Posted by hayleysherman
You may have heard by now that Moz launched a new feature within Keyword Explorer last week. We heard your requests, and we’re super-excited for you to check out the new addition. The tool has been expanded to allow you to search by URL: an easy way to understand what keywords an exact URL, subdomain, or entire domain is ranking for.
As Rand pointed out, this feature of Keyword Explorer is multifunctional and can solve a lot of different problems. For this blog post, I’ll cover a workflow for identifying low-hanging fruit when it comes to your competitors’ keywords.
The question of “How do I utilize competitive data to my advantage?” is one we hear a lot as SEOs. How do we know what a competitor is ranking for, and how can we use that to help direct our own strategy? Many great SEO tools out there tap into what can be described as a keyword universe — a database of keywords the tool maintains that a given site can rank for. In this universe of keywords, you can search to see how your site performs. You can also search any other site to see how it performs, which is where the competitive data comes into play. Our new feature does just that.
If you want to follow along, hop into Keyword Explorer! The search bar will allow you to:
Search by keyword (as you always have!)
Search by root domain
Search by subdomain
Search by exact page
Follow along in Keyword Explorer
Find keyword opportunities at the intersection point
For this example, I’ll use local Seattle doughnut shop Top Pot Doughnuts. Since we know the doughnut game can be a competitive one, Top Pot might want to get an idea of the keywords that a few other Seattle shops are ranking for. The competitors I’ve used are in a similar geographical area and sell similarly delicious products.
Start by entering the URL into Keyword Explorer. To keep it broad, I’d recommend beginning with the “root domain” function. You’ll be pulled into a Site Overview for your domain — including the number of ranking keywords each site has, the top positions the keywords sit in, as well as the Page Authority and Domain Authority of the site you searched for. You’ll see a sneak peek of the top ranking keywords beneath that.
Drop two competitors into the two boxes up at the top, and click “Compare sites.” The tables will populate with data on the two competitors’ sites, and the top ranking keywords for all three.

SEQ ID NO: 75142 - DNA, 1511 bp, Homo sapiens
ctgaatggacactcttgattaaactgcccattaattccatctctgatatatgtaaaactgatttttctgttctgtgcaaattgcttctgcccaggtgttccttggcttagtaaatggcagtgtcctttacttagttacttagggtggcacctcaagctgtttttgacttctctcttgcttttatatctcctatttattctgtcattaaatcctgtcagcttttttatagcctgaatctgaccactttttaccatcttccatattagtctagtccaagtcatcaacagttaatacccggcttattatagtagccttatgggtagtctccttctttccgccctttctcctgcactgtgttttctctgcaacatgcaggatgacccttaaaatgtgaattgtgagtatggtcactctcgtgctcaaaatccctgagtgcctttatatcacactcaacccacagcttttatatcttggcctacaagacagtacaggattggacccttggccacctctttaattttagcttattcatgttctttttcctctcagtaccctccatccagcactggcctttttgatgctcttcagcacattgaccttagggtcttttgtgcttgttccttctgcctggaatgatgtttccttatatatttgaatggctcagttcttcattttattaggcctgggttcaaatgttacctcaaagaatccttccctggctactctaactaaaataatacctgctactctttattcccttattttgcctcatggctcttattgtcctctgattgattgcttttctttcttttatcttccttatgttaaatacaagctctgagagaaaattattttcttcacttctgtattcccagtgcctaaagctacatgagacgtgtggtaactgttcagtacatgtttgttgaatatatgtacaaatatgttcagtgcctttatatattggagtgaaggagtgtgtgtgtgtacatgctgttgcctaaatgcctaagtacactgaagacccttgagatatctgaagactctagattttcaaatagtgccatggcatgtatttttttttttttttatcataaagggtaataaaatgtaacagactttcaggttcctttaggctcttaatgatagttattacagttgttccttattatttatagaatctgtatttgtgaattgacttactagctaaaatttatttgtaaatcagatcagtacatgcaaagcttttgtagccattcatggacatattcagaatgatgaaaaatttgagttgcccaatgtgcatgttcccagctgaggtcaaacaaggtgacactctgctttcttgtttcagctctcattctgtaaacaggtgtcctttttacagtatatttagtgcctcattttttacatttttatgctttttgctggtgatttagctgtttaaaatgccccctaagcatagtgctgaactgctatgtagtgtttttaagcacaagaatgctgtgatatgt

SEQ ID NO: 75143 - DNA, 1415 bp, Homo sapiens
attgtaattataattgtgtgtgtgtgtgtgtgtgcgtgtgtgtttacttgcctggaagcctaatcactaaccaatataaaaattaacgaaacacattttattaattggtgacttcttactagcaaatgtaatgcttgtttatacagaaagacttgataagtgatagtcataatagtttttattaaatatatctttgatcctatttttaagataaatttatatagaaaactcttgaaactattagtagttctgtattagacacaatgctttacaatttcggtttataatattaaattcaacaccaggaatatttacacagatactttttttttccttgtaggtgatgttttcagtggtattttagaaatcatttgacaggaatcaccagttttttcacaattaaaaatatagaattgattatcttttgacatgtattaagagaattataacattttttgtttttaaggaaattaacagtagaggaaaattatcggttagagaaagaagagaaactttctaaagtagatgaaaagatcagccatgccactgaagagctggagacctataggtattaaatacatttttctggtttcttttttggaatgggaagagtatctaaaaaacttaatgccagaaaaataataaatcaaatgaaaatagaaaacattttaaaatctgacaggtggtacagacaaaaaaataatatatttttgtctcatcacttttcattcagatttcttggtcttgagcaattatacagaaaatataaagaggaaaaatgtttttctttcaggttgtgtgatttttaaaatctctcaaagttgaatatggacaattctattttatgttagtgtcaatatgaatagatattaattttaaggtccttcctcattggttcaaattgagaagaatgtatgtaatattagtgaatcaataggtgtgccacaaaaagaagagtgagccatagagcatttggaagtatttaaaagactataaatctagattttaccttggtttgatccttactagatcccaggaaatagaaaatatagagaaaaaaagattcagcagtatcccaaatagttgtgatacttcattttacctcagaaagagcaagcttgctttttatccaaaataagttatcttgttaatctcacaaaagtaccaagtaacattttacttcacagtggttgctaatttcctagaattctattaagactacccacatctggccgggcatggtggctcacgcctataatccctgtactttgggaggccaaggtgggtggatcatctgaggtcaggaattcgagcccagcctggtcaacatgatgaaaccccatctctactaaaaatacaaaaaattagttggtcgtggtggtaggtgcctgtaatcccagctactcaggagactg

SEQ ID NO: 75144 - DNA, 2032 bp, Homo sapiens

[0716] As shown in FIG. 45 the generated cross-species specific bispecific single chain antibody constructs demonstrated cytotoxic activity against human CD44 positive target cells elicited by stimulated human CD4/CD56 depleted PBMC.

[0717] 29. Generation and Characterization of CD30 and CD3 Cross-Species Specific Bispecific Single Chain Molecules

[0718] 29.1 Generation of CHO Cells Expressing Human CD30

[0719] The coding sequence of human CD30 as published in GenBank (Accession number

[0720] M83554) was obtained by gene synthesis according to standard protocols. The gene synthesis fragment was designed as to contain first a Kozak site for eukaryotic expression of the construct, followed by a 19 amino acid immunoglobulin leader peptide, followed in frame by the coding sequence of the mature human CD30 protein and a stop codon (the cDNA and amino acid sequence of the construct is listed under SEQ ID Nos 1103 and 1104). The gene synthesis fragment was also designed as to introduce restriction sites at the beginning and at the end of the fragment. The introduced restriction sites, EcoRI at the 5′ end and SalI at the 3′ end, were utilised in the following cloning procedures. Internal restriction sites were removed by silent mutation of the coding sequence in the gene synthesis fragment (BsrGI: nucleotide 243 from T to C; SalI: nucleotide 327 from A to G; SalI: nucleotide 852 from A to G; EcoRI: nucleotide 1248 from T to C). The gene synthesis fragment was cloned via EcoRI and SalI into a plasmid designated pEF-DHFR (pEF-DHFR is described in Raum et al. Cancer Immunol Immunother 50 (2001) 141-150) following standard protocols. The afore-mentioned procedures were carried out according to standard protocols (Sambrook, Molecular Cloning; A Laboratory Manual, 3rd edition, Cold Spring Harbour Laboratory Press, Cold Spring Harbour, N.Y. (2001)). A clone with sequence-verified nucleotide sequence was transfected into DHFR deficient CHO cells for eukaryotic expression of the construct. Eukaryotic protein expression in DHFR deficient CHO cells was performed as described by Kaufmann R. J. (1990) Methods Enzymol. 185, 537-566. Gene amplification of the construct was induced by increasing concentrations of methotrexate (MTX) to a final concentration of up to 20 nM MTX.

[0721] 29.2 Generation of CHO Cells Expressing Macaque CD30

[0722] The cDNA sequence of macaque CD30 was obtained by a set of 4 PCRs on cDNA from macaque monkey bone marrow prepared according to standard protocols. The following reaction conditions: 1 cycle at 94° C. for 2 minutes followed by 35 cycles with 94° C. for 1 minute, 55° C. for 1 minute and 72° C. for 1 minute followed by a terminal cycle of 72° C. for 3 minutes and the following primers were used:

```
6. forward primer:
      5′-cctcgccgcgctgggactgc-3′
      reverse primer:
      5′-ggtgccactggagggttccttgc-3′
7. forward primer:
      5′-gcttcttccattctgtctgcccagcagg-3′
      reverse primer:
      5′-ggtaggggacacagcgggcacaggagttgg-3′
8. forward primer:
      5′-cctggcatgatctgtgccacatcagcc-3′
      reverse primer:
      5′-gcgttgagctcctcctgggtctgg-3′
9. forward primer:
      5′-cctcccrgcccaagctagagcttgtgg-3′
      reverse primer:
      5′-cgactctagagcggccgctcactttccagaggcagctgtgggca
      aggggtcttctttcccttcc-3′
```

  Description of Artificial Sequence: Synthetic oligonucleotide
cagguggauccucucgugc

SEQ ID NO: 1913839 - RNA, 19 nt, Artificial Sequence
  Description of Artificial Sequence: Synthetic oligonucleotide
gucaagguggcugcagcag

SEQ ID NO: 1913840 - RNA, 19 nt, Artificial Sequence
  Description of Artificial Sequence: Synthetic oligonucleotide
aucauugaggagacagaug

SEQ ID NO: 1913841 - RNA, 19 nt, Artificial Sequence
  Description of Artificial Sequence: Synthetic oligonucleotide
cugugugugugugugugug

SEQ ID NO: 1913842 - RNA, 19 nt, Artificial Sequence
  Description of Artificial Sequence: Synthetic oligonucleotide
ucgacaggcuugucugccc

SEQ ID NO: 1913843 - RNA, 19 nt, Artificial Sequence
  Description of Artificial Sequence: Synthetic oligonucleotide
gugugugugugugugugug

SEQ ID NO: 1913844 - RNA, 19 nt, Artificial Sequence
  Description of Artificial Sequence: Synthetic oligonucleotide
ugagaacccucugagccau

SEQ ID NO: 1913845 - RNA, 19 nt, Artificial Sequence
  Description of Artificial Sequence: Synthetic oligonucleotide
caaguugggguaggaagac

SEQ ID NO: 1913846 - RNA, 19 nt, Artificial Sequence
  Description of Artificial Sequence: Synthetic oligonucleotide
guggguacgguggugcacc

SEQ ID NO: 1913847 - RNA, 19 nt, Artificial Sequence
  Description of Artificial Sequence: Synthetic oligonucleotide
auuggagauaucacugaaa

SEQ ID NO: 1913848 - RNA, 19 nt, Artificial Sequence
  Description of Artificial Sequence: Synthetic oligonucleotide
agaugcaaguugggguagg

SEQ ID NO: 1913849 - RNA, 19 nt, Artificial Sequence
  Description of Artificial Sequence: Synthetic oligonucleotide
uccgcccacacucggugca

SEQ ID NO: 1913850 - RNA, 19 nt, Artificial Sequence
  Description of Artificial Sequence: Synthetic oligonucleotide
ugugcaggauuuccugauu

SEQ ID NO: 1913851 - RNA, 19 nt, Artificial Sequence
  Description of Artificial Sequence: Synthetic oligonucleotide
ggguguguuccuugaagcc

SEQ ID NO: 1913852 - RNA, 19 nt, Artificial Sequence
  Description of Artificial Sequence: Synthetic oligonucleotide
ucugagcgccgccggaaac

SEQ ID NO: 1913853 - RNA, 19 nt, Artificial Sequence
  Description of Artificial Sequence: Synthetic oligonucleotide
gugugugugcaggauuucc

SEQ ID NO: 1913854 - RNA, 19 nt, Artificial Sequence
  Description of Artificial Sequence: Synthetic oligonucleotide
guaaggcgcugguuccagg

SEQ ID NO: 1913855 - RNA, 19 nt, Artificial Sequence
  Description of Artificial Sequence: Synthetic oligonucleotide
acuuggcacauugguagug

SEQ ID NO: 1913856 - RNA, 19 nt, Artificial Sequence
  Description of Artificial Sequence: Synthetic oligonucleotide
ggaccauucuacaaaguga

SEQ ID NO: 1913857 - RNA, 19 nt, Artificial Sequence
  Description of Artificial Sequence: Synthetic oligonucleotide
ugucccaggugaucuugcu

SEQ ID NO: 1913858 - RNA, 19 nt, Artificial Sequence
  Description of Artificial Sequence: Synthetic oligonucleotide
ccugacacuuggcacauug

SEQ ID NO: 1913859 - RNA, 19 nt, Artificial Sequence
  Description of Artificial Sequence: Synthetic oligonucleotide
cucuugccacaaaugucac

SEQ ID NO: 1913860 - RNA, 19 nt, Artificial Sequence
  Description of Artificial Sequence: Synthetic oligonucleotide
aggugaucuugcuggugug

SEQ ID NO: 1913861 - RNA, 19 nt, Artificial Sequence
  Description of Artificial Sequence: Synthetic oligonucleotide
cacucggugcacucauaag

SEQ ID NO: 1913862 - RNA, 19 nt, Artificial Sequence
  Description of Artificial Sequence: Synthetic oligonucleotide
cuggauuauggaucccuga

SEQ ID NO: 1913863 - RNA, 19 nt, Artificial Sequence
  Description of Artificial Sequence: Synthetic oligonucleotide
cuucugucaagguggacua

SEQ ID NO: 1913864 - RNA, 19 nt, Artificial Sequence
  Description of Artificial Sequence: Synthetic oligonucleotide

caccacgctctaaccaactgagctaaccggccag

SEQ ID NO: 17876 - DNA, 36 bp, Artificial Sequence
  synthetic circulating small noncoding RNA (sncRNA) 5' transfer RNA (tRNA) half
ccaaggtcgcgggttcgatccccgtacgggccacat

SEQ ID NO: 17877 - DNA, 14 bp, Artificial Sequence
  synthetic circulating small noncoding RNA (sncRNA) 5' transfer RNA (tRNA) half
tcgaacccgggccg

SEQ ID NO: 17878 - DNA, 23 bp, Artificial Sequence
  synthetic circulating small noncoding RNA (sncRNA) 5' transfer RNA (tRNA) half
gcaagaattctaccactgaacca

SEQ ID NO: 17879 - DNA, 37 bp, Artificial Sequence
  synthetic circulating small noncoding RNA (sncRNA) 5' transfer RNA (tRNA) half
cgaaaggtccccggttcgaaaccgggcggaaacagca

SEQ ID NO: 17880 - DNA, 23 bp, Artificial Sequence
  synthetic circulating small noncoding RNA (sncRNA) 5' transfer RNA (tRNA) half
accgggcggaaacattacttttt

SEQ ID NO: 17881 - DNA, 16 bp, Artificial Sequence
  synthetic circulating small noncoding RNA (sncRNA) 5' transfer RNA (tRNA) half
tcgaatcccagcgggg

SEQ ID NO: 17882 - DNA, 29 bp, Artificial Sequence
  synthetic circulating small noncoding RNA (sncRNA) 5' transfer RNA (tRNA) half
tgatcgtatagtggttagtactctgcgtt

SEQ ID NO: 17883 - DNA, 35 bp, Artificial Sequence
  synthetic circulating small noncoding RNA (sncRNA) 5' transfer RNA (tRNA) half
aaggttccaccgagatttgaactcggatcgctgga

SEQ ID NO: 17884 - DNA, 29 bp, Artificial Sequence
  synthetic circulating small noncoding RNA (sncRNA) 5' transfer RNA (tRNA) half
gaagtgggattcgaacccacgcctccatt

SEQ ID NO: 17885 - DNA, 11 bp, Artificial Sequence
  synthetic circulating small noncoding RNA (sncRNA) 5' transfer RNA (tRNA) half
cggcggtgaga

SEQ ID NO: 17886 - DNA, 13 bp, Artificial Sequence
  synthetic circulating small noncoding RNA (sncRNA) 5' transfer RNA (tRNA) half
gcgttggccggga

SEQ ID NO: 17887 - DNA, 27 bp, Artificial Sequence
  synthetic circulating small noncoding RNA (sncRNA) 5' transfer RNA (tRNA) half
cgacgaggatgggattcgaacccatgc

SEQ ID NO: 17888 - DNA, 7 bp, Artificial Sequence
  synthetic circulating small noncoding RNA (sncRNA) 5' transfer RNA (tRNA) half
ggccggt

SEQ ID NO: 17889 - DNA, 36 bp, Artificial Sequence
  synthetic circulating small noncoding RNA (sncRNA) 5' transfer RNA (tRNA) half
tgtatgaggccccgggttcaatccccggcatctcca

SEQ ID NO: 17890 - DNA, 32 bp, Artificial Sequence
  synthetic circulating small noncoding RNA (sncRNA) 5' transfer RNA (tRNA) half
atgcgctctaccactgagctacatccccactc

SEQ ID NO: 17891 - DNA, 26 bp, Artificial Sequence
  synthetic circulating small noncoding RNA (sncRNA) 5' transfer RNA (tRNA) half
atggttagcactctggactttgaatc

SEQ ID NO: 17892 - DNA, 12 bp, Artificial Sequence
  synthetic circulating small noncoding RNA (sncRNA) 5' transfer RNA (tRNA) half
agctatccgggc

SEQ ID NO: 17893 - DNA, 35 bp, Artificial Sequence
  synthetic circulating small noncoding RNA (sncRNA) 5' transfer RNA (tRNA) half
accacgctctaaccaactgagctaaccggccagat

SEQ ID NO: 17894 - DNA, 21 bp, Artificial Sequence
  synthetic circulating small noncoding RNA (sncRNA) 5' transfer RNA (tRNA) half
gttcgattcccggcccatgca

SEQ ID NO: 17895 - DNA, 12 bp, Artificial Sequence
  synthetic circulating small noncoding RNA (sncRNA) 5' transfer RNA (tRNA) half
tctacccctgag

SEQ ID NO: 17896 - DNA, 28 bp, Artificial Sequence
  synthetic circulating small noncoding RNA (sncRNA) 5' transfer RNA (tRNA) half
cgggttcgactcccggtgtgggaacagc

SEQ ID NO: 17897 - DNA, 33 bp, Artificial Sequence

Click through to the full report of Top Ranking Keywords. You’ll see a Venn diagram and two columns added in with competitors’ data. Click on any of the overlapping areas in the Venn Diagram to see the keywords that you and one or both competitors have in common.
We’ve now entered into an ideal spot in that keyword universe we talked about earlier — a list of keywords that your site is ranking for that your competitors are also ranking for. This is the intersection point where you can find perfect keyword opportunities. Where is the competitor doing well that you are not?
(Side note: You’re not starting from scratch here, because you’re already ranking for these keywords. This means there’s a great opportunity for improvement in an area where you likely have some content or some authority.)
A great next step is to click on the header to sort by one of your competitor’s highest rankings. Identify the keywords that each competitor is ranking best for — those might be an area for you to focus on. Are these keywords applicable to what you do? If the answer is yes, there are a couple good courses of action: Add them straight into a Moz Pro campaign to start tracking your ranking progress, or add them into a Keyword Explorer list for further investigation.
If you do add these into a Keyword List, you might want to pop into the list and sort by metrics like Difficulty or Organic CTR. This will help you determine how to prioritize the new keywords.
Tracking and taking action in Moz Pro
Once you’ve discovered these competitive keywords, push them into a Moz Pro campaign! That way, you can measure a baseline for keyword performance and get ready to track your improvements against it over time. You can either add them to a campaign manually in the Add & Manage Keywords section, or add them to a campaign directly from Keyword Explorer.
Stay organized by labeling your keywords. You may want to label them by product, service, or even by the name of the competitor that was ranking for them back in Keyword Explorer. Once a label (or multiple labels) are in place, you can filter by those labels within the campaign to see which keywords are seeing movement, and which ones you may still need to spend more time on.
Jump into the SERP features section of your campaign, and filter by label to view the new keywords you’ve added in. Do any of the new keywords have a featured snippet opportunity? Use that knowledge to dictate how you structure the content for those topics. (Don’t know what I’m talking about? Not to worry. Here’s a great glossary of SERP features, what they mean, and how to become featured.)
And there you have it! We hope Keyword Explorer’s new addition will help you through the journey of keyword research, from start to finish. Let us know how this flow is working for you.
Start exploring Keywords by Site
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